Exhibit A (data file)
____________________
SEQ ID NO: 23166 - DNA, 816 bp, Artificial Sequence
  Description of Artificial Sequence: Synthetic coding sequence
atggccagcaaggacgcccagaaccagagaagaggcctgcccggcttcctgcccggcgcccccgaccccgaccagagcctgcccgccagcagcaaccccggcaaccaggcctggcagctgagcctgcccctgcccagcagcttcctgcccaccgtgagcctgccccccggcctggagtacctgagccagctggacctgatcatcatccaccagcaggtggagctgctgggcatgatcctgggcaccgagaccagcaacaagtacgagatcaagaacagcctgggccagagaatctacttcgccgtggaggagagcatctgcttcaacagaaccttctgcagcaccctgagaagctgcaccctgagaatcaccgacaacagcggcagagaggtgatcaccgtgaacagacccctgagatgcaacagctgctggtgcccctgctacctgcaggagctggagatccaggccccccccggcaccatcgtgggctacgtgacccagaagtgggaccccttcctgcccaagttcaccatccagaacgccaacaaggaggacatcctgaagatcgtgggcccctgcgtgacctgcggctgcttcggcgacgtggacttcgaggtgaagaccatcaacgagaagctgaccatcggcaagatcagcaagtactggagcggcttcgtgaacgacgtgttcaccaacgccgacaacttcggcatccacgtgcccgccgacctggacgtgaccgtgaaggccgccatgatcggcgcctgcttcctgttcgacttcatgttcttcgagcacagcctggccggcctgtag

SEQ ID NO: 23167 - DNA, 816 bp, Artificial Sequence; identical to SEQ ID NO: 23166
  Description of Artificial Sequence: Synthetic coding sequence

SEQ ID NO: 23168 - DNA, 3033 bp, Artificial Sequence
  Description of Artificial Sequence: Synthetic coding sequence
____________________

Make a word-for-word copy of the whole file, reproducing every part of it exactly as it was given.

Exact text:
SEQ ID NO: 23166 - DNA, 816 bp, Artificial Sequence
  Description of Artificial Sequence: Synthetic coding sequence
atggccagcaaggacgcccagaaccagagaagaggcctgcccggcttcctgcccggcgcccccgaccccgaccagagcctgcccgccagcagcaaccccggcaaccaggcctggcagctgagcctgcccctgcccagcagcttcctgcccaccgtgagcctgccccccggcctggagtacctgagccagctggacctgatcatcatccaccagcaggtggagctgctgggcatgatcctgggcaccgagaccagcaacaagtacgagatcaagaacagcctgggccagagaatctacttcgccgtggaggagagcatctgcttcaacagaaccttctgcagcaccctgagaagctgcaccctgagaatcaccgacaacagcggcagagaggtgatcaccgtgaacagacccctgagatgcaacagctgctggtgcccctgctacctgcaggagctggagatccaggccccccccggcaccatcgtgggctacgtgacccagaagtgggaccccttcctgcccaagttcaccatccagaacgccaacaaggaggacatcctgaagatcgtgggcccctgcgtgacctgcggctgcttcggcgacgtggacttcgaggtgaagaccatcaacgagaagctgaccatcggcaagatcagcaagtactggagcggcttcgtgaacgacgtgttcaccaacgccgacaacttcggcatccacgtgcccgccgacctggacgtgaccgtgaaggccgccatgatcggcgcctgcttcctgttcgacttcatgttcttcgagcacagcctggccggcctgtag

SEQ ID NO: 23167 - DNA, 816 bp, Artificial Sequence; identical to SEQ ID NO: 23166
  Description of Artificial Sequence: Synthetic coding sequence

SEQ ID NO: 23168 - DNA, 3033 bp, Artificial Sequence
  Description of Artificial Sequence: Synthetic coding sequence